[Illustration by Stocksnap under Creative Commons]
In the previous article, I had shared how Little Data opened up a new path for us. It was based on the idea that incremental, data-driven insights, which do not require sophisticated data handling capabilities, can lead to fairly significant transformations.
In this article, I would like to continue that argument. My key contention here is that Little Data can help achieve any kind of major business outcome you might set out to achieve.
In our case, we have derived a range of benefits. Some have been transformative (how we see our customers); some have led to surprising gains. We have been able to come up with new revenue ideas and also transpose insights from one part of the business to another.
All this happened because we became data-genic.
A question for those who are running a digital business: Are your operations optimized more for weekend traffic than week days?
Online audiences tend to spike over weekends. Not only are the numbers higher, but they spend more time online as well.
And yet, if most users are coming on our sites on weekends, it begs the question why our operations are built any other way. I know we haven’t optimized for weekend operations as much as we should.
Customer-centricity, or the lack of it, is evident through the little things that we do or don’t do. Data is invaluable there—it shows us up.
At CarToq, our digital content product for car buyers and owners, we learnt how our resource allocation was not really based on what users wanted.
In the auto industry, there exists an age-old belief that test drives of cars are the most valuable piece of content to produce for car buyers. Reputations of auto journalists get built or marred by who gets to test-drive a car first.
Car companies tend to use this mindset to their advantage. They have made test drives a sought-after privilege. Drives are organized in exotic locations over two-three days; there’s lavish 5-star hospitality and the articles, videos and photo features get written.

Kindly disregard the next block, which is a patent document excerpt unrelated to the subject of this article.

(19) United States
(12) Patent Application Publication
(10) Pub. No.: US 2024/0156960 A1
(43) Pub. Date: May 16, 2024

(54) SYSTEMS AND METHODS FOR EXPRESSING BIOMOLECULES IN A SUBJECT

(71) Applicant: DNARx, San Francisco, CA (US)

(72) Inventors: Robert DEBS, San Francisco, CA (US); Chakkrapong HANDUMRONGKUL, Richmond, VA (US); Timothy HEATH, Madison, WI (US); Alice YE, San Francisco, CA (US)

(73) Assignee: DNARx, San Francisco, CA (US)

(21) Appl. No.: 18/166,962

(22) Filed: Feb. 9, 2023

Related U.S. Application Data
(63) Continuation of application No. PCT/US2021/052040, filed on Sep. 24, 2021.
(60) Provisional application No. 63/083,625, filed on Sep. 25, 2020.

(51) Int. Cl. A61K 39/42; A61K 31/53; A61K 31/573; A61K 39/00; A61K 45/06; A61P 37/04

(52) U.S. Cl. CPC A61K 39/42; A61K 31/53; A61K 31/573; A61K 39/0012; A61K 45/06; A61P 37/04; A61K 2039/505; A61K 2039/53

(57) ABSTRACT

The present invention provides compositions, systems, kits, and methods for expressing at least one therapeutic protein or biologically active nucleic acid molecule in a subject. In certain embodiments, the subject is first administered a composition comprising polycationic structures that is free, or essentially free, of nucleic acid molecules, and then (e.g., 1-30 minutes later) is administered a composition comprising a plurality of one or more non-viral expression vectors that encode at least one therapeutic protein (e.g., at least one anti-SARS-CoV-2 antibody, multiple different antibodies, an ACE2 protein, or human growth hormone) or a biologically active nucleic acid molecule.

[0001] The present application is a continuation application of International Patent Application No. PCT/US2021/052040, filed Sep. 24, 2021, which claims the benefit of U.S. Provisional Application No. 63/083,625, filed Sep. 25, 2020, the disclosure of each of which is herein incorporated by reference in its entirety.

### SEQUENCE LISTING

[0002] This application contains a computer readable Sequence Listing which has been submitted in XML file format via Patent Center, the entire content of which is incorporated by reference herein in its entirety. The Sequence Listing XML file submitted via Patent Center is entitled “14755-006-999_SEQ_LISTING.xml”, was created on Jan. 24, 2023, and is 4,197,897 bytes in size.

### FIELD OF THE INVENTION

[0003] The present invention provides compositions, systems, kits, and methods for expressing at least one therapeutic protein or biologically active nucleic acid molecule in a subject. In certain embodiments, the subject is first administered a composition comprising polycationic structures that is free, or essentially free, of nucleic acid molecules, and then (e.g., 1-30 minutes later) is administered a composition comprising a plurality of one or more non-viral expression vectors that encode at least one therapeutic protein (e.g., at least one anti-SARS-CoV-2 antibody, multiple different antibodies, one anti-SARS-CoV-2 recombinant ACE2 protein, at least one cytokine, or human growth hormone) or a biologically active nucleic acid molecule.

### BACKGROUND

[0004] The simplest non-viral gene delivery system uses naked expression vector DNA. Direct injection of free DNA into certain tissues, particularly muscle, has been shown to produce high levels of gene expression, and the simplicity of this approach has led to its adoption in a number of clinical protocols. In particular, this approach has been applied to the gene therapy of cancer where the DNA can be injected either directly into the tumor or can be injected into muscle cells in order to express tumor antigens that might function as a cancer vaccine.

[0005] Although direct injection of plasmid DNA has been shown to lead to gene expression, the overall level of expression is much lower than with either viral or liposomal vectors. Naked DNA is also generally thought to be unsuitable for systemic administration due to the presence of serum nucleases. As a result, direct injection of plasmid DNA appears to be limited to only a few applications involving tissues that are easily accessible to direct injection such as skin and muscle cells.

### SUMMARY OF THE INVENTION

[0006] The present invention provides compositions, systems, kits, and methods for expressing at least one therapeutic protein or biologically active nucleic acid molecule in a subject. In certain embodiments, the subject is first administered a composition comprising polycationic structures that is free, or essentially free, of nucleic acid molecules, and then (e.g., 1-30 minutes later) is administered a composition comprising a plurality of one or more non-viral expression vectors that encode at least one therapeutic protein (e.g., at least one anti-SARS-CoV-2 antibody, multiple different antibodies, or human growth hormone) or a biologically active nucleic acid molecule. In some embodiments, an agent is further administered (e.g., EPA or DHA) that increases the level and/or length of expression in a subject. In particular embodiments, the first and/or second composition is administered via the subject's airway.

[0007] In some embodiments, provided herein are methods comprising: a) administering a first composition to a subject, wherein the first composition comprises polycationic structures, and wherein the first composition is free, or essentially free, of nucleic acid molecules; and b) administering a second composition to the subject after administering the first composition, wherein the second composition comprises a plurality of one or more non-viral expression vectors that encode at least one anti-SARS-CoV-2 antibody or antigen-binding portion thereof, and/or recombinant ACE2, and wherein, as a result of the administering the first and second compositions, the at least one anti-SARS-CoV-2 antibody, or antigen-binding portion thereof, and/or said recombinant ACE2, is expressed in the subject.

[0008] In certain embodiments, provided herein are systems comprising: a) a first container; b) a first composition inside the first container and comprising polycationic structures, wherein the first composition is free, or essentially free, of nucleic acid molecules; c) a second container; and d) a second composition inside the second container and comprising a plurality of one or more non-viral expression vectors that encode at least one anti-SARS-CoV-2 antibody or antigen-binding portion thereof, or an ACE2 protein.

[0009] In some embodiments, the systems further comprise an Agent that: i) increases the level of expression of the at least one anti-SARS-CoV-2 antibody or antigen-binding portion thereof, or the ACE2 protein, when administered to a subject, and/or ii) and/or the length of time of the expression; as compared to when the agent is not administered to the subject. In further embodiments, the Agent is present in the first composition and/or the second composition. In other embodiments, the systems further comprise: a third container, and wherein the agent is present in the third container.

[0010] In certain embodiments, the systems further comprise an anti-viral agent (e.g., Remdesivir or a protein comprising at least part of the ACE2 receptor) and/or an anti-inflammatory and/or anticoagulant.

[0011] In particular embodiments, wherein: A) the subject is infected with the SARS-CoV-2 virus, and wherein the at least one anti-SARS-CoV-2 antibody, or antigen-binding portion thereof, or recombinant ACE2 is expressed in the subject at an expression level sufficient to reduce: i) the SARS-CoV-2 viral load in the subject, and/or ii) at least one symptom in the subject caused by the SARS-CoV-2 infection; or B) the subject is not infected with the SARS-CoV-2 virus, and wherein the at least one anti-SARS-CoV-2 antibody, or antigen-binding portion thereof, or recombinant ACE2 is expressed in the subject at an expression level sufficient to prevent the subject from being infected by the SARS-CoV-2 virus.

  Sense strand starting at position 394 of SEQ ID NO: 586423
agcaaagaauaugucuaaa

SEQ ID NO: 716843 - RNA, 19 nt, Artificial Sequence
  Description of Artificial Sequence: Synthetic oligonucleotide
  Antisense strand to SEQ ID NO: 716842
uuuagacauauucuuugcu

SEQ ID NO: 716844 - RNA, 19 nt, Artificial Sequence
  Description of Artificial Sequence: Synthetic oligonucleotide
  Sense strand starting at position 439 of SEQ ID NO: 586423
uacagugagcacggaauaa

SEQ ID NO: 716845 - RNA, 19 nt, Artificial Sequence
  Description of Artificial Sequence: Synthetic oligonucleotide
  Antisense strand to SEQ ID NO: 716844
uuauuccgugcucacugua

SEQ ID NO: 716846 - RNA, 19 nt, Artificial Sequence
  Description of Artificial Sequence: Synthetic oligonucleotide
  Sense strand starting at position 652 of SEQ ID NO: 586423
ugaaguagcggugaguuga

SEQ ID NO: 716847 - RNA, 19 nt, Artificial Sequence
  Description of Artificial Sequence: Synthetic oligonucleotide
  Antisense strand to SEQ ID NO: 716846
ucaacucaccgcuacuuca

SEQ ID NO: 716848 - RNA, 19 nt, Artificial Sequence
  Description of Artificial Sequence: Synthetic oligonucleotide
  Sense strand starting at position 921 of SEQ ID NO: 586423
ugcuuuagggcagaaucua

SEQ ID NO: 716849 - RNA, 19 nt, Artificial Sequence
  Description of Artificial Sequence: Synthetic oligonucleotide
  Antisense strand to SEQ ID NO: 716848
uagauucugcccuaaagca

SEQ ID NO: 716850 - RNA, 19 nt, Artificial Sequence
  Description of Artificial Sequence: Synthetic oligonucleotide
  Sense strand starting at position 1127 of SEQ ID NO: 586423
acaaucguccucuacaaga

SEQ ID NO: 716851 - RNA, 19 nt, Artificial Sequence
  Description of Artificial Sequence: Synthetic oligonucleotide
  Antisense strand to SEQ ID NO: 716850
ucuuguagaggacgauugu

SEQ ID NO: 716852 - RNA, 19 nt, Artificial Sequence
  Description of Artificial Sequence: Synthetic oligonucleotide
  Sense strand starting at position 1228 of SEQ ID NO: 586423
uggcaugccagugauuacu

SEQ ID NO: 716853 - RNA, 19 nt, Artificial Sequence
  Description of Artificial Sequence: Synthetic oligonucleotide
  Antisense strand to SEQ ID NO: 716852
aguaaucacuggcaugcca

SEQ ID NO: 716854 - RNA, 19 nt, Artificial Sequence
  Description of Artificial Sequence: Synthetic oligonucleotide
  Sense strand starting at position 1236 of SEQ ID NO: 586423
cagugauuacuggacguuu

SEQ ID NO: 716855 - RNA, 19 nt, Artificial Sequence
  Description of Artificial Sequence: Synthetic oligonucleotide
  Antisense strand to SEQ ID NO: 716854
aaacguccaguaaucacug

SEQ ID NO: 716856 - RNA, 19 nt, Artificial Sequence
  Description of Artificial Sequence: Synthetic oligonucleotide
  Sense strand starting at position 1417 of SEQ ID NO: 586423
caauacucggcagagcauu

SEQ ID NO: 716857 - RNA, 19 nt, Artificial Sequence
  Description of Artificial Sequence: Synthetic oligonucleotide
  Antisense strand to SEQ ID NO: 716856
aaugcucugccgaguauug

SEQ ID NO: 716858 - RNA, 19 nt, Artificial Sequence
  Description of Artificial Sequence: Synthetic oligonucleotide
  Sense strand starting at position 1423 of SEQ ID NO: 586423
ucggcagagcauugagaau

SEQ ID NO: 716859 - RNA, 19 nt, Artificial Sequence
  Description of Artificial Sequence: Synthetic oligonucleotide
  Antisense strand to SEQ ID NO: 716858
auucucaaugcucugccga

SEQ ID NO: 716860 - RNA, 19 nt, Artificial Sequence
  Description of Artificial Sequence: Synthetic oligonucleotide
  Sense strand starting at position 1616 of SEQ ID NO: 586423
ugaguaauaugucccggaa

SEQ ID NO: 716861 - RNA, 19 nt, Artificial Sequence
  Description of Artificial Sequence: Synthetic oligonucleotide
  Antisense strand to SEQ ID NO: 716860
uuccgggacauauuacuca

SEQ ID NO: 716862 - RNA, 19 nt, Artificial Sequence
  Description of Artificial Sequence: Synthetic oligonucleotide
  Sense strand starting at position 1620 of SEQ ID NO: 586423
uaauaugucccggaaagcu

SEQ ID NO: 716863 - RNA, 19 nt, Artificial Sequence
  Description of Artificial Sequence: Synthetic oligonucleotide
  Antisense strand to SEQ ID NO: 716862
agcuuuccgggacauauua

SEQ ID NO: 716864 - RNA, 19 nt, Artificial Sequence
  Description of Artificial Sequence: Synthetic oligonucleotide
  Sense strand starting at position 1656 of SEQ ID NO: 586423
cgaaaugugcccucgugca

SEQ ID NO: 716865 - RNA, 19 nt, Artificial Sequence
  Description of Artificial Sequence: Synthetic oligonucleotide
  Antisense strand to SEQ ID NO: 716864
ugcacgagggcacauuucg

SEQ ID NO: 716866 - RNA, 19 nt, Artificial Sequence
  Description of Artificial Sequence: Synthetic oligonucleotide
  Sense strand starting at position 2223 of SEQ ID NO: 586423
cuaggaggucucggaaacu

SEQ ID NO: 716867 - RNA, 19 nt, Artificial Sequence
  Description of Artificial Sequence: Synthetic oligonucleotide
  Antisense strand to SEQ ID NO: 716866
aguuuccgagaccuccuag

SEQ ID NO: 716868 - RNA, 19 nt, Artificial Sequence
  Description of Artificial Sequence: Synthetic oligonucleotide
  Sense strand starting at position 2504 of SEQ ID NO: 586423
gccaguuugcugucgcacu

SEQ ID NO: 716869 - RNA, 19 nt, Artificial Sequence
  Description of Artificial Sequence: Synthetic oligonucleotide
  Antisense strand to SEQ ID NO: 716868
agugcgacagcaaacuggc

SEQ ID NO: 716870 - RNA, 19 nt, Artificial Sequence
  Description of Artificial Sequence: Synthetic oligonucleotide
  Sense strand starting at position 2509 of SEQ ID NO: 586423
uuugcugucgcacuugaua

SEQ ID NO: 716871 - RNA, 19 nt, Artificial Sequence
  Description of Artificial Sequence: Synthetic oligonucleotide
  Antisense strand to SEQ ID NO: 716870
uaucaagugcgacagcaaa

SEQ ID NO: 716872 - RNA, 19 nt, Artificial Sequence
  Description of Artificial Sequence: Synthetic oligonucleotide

While car companies get a lot of publicity from these articles, do the content sites gain as much?
We thought we did. Our test-drive content did get us a large number of users, but there was a problem.
With all that effort (from our senior content team) to produce this content, our traffic never grew beyond a point. On average, we did about 300,000 monthly visits, with occasional spikes taking us to 500,000 visits.
The data was even more damning on other counts. We were not increasing repeat users to our site. If test drives were indeed the most valuable piece of content users craved, they should be coming back for more of it regularly. They didn’t.
Then we started A/B testing with some other content types (photo features, single-parameter car comparisons). And we found that Facebook audiences were telling us something very different. On average, we got 3x more users from car comparisons alone, and photo features got us even more users.
Our users didn’t value content related to test drives anywhere as much as we thought they would. That was probably one of our earliest realizations about how far removed we were from our customer’s preferences.
Since then, we have increasingly experimented with new content formats, testing continuously against user responses. Today, on average, we get an organic reach of 300,000 people on CarToq’s Facebook page, and we are leaders in user engagement through content among auto sites.
Data set us on the right path.
In another instance, it set us off in a new business direction altogether.
Surprise: New revenue stream
Every now and then, we do content analytics across our projects. The goal is simple: track online content for insights that our customers might find useful. Often, we don’t even know what we are looking for.